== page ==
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For many bird lovers in Canada, seeing our first Snowy Owl or Northern Saw-whet Owl is a cherished memory. These powerful chance encounters can even spark an interest in birds and nature that lasts a lifetime! We benefit from these experiences, but, if we’re not mindful, the impact on the owls can be negative one.

In Canada, the late fall and winter seasons are prime time to see many owl species that move south from northern forests and the Arctic, as part of an annual migration or because of a lack of food in their traditional summering range. Locations such as coastal green spaces in cities like Vancouver or forested areas on the edges of the Great Lakes can attract congregations of several species depending on food availability and other factors.

A snowy owl on a post.
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Snowy Owl Photo: Ted Gough

It is during these times that several owl species are sometimes subjected to harmful or even deadly disturbance by people who come to add to their bird list, take photos, or simply have a look at the owl. Constant disturbance uses up valuable energy during the cold winter months and may prevent birds from hunting properly, both of which can be lethal. And some species that roost communally, like the Long-eared Owl, are very sensitive to any disturbances during the winter months. When the presence of people drives them from their roost, these surprisingly dainty owls are made more vulnerable to predators than they would be otherwise, and they suffer the fatal consequences.

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Northern Saw-whet Owl Photo: Judith Blakeley

So how can we still appreciate these amazing birds without causing harm? Here are some guidelines for observing and photographing owls:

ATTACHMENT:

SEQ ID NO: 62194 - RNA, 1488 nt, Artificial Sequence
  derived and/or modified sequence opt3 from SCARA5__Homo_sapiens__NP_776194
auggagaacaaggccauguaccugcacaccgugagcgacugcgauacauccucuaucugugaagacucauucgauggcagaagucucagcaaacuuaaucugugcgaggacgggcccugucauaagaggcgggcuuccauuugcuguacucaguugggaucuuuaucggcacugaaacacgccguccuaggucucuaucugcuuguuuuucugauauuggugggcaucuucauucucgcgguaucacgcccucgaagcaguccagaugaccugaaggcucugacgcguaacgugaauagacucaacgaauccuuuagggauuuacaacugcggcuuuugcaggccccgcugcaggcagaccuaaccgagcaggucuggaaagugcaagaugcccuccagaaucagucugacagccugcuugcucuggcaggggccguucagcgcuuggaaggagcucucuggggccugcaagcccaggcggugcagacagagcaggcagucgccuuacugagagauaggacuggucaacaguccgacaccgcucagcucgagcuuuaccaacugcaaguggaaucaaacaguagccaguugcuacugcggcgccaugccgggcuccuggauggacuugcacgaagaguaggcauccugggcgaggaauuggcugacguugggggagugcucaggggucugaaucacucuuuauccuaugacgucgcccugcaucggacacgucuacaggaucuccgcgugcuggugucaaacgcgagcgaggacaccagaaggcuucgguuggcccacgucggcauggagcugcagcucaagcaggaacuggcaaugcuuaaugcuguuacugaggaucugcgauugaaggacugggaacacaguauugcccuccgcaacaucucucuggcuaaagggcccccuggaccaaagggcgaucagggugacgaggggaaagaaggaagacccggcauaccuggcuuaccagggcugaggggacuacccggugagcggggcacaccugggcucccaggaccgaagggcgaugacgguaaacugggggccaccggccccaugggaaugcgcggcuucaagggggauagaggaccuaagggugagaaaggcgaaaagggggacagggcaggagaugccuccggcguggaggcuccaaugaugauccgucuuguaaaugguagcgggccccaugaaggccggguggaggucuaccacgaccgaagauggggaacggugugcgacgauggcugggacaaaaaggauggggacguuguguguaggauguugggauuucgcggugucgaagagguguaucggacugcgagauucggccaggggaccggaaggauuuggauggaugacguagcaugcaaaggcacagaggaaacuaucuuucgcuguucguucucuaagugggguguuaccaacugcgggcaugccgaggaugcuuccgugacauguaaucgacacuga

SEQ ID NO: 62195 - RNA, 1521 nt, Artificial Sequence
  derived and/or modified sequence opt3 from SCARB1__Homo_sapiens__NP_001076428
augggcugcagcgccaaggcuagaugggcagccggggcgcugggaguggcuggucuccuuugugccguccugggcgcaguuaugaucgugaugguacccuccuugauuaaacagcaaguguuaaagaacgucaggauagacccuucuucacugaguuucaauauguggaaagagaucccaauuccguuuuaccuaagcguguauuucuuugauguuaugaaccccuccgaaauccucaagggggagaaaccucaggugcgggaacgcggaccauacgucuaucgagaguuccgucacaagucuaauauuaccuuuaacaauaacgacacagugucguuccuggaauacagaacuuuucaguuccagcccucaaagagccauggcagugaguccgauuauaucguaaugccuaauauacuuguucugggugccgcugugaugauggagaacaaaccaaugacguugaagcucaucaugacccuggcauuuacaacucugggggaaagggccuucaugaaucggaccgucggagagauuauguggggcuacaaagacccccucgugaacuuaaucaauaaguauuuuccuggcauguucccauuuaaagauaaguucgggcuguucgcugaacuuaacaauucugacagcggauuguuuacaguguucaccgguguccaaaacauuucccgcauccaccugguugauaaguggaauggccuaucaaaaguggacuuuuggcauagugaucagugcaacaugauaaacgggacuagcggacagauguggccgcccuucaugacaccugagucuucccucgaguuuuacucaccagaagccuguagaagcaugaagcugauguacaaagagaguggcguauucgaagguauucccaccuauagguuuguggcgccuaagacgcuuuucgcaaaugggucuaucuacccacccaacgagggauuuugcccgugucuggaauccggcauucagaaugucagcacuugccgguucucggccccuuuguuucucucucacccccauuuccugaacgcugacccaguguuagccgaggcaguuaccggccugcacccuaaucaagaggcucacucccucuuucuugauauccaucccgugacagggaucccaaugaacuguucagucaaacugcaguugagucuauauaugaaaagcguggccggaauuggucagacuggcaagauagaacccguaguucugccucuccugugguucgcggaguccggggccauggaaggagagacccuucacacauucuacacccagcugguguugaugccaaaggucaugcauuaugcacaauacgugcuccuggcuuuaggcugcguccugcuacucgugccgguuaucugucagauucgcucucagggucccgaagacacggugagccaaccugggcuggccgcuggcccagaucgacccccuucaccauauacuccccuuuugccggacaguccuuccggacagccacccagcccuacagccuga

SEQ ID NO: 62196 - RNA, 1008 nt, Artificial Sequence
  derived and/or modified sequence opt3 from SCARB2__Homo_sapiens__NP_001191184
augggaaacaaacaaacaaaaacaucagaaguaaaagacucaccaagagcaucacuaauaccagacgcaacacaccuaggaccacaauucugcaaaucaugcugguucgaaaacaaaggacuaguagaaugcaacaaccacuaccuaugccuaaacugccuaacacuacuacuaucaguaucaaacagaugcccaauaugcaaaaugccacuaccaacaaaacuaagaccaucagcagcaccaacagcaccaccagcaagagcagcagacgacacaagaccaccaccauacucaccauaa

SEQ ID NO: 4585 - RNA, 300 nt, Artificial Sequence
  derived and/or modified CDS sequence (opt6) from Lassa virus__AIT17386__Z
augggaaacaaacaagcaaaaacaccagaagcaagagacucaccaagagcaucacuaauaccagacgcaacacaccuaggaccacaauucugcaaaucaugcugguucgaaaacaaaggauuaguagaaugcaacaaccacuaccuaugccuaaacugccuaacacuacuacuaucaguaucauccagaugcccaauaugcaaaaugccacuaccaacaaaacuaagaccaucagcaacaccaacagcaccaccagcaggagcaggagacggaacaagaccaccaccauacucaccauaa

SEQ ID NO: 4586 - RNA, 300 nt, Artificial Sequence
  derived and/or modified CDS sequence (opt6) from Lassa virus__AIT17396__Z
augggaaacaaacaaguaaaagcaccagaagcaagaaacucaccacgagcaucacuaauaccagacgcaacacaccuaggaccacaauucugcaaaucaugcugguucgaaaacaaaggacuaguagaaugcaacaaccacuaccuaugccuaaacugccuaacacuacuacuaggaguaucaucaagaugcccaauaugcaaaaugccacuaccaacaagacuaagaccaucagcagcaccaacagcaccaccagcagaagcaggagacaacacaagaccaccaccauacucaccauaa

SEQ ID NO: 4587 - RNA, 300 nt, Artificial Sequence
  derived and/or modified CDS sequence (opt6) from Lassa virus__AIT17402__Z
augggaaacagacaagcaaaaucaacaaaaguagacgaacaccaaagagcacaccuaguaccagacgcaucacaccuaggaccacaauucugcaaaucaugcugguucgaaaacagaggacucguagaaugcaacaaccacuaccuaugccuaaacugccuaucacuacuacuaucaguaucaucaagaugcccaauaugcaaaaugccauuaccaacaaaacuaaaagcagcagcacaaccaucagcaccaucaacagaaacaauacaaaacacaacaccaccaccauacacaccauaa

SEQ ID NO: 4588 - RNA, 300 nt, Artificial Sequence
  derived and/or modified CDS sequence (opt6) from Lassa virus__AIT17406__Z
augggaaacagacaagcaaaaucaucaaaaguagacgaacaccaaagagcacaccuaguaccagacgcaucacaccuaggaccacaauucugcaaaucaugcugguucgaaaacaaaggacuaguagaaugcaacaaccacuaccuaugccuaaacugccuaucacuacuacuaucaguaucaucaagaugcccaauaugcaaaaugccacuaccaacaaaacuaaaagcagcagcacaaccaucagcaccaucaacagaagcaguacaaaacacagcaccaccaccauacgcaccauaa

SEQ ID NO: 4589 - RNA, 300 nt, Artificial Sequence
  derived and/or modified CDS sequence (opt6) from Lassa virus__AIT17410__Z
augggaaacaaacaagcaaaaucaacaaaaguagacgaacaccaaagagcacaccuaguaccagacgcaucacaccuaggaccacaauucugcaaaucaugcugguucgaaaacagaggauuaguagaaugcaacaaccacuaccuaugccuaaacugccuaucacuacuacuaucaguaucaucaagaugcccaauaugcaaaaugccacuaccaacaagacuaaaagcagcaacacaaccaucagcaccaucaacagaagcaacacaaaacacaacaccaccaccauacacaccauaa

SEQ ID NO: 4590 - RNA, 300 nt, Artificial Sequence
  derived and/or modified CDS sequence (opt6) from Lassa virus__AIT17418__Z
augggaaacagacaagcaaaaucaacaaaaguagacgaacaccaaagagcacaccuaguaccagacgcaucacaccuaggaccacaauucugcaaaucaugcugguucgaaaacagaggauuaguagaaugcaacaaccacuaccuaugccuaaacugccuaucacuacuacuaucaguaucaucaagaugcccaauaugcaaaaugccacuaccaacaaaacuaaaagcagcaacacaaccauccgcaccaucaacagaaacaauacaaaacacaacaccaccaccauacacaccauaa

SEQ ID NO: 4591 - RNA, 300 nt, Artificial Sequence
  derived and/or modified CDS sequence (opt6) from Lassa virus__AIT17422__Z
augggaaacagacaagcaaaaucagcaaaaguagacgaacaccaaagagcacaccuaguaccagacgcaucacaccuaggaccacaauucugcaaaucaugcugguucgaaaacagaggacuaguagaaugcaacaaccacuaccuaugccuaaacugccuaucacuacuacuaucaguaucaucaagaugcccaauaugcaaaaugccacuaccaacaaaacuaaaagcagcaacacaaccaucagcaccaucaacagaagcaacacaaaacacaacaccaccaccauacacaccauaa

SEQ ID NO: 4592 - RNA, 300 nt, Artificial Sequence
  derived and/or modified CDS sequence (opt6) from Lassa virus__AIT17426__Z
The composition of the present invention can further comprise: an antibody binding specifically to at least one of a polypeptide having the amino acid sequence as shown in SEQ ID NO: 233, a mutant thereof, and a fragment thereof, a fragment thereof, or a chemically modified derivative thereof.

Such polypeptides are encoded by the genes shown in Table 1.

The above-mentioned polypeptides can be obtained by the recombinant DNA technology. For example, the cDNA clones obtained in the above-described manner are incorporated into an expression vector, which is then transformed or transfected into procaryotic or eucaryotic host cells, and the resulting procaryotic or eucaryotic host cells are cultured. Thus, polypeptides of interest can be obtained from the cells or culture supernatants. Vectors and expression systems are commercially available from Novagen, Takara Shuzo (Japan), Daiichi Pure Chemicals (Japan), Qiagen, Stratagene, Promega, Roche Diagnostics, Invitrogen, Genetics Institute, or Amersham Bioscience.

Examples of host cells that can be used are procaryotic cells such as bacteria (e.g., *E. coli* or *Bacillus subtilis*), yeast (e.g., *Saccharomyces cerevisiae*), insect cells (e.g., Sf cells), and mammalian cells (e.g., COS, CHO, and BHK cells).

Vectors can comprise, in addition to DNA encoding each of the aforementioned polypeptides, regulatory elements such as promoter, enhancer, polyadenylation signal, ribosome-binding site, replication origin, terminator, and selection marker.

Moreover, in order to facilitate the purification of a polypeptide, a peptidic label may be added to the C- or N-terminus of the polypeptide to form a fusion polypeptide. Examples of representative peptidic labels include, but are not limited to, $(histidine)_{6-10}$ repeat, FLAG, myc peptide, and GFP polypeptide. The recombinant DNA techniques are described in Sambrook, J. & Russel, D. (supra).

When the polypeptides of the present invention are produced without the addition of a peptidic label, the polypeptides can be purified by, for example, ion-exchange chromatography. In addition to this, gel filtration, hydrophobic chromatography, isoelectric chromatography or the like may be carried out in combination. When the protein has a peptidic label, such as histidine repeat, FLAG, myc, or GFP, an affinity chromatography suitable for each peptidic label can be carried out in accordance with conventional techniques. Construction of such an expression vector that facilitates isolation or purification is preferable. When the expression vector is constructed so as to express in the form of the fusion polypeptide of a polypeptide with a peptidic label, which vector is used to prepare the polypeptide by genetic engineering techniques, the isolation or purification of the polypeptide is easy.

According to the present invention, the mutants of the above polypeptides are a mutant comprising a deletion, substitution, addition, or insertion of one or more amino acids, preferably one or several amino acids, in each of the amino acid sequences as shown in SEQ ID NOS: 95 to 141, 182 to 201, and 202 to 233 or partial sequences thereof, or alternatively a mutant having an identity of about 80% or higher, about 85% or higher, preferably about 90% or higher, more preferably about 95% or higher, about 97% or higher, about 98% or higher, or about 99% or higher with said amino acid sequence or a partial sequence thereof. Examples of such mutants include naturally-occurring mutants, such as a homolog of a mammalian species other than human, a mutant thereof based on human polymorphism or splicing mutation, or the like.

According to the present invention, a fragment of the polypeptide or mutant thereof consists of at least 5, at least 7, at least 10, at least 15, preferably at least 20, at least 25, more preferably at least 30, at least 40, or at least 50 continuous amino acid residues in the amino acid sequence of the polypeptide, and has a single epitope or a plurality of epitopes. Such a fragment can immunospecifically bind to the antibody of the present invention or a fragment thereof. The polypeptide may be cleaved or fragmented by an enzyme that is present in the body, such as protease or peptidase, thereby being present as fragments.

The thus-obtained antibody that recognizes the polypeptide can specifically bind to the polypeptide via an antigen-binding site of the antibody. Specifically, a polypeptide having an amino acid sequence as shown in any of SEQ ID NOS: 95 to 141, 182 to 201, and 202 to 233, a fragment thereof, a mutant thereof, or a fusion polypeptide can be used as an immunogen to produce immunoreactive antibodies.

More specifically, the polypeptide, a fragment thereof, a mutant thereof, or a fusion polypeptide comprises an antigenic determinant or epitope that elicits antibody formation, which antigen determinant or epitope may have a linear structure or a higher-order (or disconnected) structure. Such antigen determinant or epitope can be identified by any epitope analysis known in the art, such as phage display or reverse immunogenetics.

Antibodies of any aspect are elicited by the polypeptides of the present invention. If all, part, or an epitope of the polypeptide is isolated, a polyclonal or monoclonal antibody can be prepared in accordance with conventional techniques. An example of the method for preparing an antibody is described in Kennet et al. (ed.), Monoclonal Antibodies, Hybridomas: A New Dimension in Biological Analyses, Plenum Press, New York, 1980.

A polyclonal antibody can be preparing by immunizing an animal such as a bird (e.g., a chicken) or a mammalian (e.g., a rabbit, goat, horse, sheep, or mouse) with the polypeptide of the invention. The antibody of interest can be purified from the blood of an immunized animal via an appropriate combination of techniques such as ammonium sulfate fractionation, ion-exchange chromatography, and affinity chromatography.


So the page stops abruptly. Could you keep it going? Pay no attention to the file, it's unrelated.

• Watch or photograph quietly and from a distance.
  • Do not disturb roosting owls.
  • Move on after a few minutes. If the bird looks towards you, or its behaviour otherwise seems to change in response to your presence, then you should move farther away.
  • Do not bait owls. The owls can become habituated to being fed by people. This disrupts their natural hunting behaviours and draws them to the roadside, which can lead to collisions with vehicles.
  • Audio playback should not be used to attract owls.
  • Don’t use spotlights or flash photography, and do not trim foliage or cut down trees to get a better view of the bird.
  • If the owl flies away, do not follow it and do not go off trail to pursue it.
  • To avoid drawing a crowd, use discretion when it comes to sharing information about your observation. If you submit it to eBird, review the guidelines for sensitive species. We recommend that you do not mention the specific location of the owl when telling your story.

 

We thank all of you who show your appreciation for these beautiful and sensitive birds by giving them space when you encounter them. Preventing disturbance to owls is an important way to help their populations survive and thrive in the wild.

 

 

This article was co-written by a team of Birds Canada staff: Ellen Jakubowski, Jody Allair, Kathy Jones, Ruth Friendship-Keller, and Yousif Attia.

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